When it comes to cocktailing, salt is good for more than just adding to savory drinks like Bloody Marys or rimming a Margarita glass. The kitchen staple is actually one of the most versatile and important ingredients you can use behind the bar.
Ask any chef or baker and they’ll tell you about salt’s plethora of powers. They’ll say it’s much more than just a shortcut to savory. They’ll wax poetic about the interplay between sugar and salt. They’ll tell you of salt’s magical flavor-enhancing abilities. Ask bartenders worth their salt (excuse the pun), and they’ll tell you the same. Because steaks aren’t the only things that need seasoning—Daiquiris could use a sprinkle too.
Here, why you should definitely be using salt in your cocktails and how to get started.
Salt Mellows Bitterness
When added to a cocktail, salt suppresses bitter flavors, while enhancing others. Add a dash of saline to an amaro, like Campari, and you’ll notice a heightening of the liqueur’s citrus and herbal notes. Test it out for yourself with a classic Campari cocktail like a Negroni. Make two—one that includes a couple of dashes of saline solution and one without—and try the drinks side by side. You’ll see that the salted cocktail is much brighter and rounder, with a less bitter bite. If bitter isn’t your bag, consider salt your gateway into amaro-based beverages.
Salt Brings Balance to Sweet and Sour Cocktails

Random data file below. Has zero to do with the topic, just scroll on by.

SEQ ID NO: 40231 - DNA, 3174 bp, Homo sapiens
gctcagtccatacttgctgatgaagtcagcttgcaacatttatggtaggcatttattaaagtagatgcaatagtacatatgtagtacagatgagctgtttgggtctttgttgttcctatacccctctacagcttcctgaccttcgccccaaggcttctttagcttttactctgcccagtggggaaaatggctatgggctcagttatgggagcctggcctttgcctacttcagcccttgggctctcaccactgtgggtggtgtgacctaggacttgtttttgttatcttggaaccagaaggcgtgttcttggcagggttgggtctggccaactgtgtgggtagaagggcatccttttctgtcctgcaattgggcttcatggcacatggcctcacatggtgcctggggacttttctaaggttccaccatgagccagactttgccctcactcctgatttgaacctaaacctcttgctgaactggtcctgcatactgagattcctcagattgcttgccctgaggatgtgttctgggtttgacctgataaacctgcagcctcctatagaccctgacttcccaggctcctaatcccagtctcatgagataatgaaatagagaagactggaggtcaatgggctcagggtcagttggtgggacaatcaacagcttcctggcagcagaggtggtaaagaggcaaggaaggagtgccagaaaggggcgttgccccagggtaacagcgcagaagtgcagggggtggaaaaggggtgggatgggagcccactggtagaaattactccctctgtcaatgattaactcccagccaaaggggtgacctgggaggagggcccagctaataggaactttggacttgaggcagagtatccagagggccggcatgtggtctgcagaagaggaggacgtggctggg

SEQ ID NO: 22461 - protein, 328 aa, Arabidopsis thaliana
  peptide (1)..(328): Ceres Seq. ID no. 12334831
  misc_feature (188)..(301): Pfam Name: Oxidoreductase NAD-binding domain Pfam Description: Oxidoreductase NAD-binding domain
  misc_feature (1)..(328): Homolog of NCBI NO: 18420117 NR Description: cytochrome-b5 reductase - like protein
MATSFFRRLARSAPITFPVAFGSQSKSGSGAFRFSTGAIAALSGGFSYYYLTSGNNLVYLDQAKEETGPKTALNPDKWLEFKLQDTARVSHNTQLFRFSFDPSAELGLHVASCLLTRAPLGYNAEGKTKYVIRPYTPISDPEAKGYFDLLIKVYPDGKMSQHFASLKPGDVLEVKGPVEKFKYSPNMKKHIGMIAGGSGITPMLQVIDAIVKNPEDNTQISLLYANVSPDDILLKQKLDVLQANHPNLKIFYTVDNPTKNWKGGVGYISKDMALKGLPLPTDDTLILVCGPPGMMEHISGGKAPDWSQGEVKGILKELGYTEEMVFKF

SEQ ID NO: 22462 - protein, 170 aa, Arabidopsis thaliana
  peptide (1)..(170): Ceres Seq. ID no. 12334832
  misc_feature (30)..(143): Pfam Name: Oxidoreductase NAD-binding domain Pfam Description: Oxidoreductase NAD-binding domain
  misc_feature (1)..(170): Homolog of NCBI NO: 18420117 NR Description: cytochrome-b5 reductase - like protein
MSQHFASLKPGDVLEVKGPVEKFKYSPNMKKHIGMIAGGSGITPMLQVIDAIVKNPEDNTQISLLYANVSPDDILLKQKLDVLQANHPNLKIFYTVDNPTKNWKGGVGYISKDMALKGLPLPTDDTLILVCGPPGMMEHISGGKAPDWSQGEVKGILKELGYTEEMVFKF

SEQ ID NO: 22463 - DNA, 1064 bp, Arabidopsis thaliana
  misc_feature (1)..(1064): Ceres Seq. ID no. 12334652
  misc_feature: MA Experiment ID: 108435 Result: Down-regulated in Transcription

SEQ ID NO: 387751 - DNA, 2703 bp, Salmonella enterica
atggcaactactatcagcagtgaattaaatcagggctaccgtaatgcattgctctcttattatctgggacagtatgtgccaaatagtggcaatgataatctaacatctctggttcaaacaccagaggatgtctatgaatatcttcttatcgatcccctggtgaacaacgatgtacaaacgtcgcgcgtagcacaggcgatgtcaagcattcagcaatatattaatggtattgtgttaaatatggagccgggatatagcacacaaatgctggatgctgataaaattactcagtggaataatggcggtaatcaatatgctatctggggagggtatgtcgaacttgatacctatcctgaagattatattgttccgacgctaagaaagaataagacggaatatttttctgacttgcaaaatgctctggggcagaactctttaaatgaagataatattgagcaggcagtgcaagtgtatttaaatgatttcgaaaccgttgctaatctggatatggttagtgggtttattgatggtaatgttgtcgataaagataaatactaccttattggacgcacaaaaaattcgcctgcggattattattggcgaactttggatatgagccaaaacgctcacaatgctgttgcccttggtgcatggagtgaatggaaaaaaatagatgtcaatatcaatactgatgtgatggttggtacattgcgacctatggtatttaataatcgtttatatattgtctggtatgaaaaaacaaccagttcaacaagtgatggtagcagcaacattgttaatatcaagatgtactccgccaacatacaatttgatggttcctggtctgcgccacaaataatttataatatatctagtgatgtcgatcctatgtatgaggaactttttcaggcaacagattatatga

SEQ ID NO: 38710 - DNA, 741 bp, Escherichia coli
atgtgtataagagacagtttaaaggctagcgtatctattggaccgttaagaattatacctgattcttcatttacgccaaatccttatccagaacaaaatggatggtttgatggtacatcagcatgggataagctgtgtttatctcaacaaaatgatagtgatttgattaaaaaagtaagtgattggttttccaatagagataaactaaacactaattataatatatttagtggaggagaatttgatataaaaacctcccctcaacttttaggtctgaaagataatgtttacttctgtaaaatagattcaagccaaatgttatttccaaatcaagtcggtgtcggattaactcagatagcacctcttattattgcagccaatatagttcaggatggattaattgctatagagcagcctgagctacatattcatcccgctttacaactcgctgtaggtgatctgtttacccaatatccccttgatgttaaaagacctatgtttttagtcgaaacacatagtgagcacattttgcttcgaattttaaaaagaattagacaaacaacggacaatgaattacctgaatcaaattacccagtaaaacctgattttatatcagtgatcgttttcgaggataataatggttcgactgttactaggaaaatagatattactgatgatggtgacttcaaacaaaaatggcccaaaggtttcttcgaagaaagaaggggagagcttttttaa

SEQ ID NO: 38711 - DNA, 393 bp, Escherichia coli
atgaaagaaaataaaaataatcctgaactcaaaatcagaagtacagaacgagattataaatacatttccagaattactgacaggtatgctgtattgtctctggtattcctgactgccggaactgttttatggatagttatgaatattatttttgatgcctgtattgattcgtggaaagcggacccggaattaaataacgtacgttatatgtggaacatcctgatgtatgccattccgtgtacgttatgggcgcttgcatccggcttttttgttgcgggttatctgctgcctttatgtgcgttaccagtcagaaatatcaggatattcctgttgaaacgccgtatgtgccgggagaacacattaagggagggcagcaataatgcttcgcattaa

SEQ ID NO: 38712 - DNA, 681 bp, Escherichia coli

“Salt is the perfect companion for sweet and sour cocktails,” says Luis Hernandez, the bar manager at the Eddy in New York City. “Something sweet should always have salt as a counterbalance—and vice versa.”
Mr. Hernandez knows a thing or two about making cocktails with salt. He recently created an entire menu dedicated to the science of salt in drinks. There was the Weekend at Morts, a drink that combined the salinity in fermented green coffee with a citrus-infused salt and pimento dram; the Guilty Pleasure harnessed the aleppo pepper, which has a similar flavor to ancho chilies but is much saltier; and the Gibson paired bright, citrusy gin with briny, pickled ramps. “Salinity comes in many forms and flavors,” he says. “Every form has its own unique way of interacting with ingredients in a cocktail. It’s a matter of experimentation—finding out which salt works best to achieve balance.”
Salt Enhances the Overall Flavor of Your Cocktail
In the same way that bitters add depth to drinks, salt has its own, unique effect on your flavor receptors. While the actual science is inconclusive, many chefs and bartenders believe that salt stimulates your gustatory receptor cells (which make up your taste buds), increases saliva production, and enhances the connection between aroma and taste, all of which amplify your perception of flavor.
If you cook at home, you know the difference between the flavor of a well-seasoned soup and one that’s under-salted. With some practice, you’ll also be able to tell the difference between a seasoned cocktail and one that has yet to be salted. Give it a try at home using these tips.
Tips for Mixing Salt Into Cocktails
- Instead of simply sprinkling salt into your drink, incorporate a saline solution. We recommend a 2:1 mix of water to salt. Dissolve the salt with warm water and store the solution in a dropper bottle for easy application.
- Start by adding only a couple of dashes of saline solution to your drink and taste before adding more. There is such a thing as too much salt, and a little bit goes a long way.
- Experiment with different salts. Every type of salt has a different flavor and level of salinity, and some work better than others depending on the cocktail or spirit. Make small batches of individual saline solutions and label them so you know which salt you are using. Always drop a dash of the solution on the back of your hand and try it before dropping it into a drink. Remember, practice makes perfect. Luckily, this kind of practice involves drinking your homework.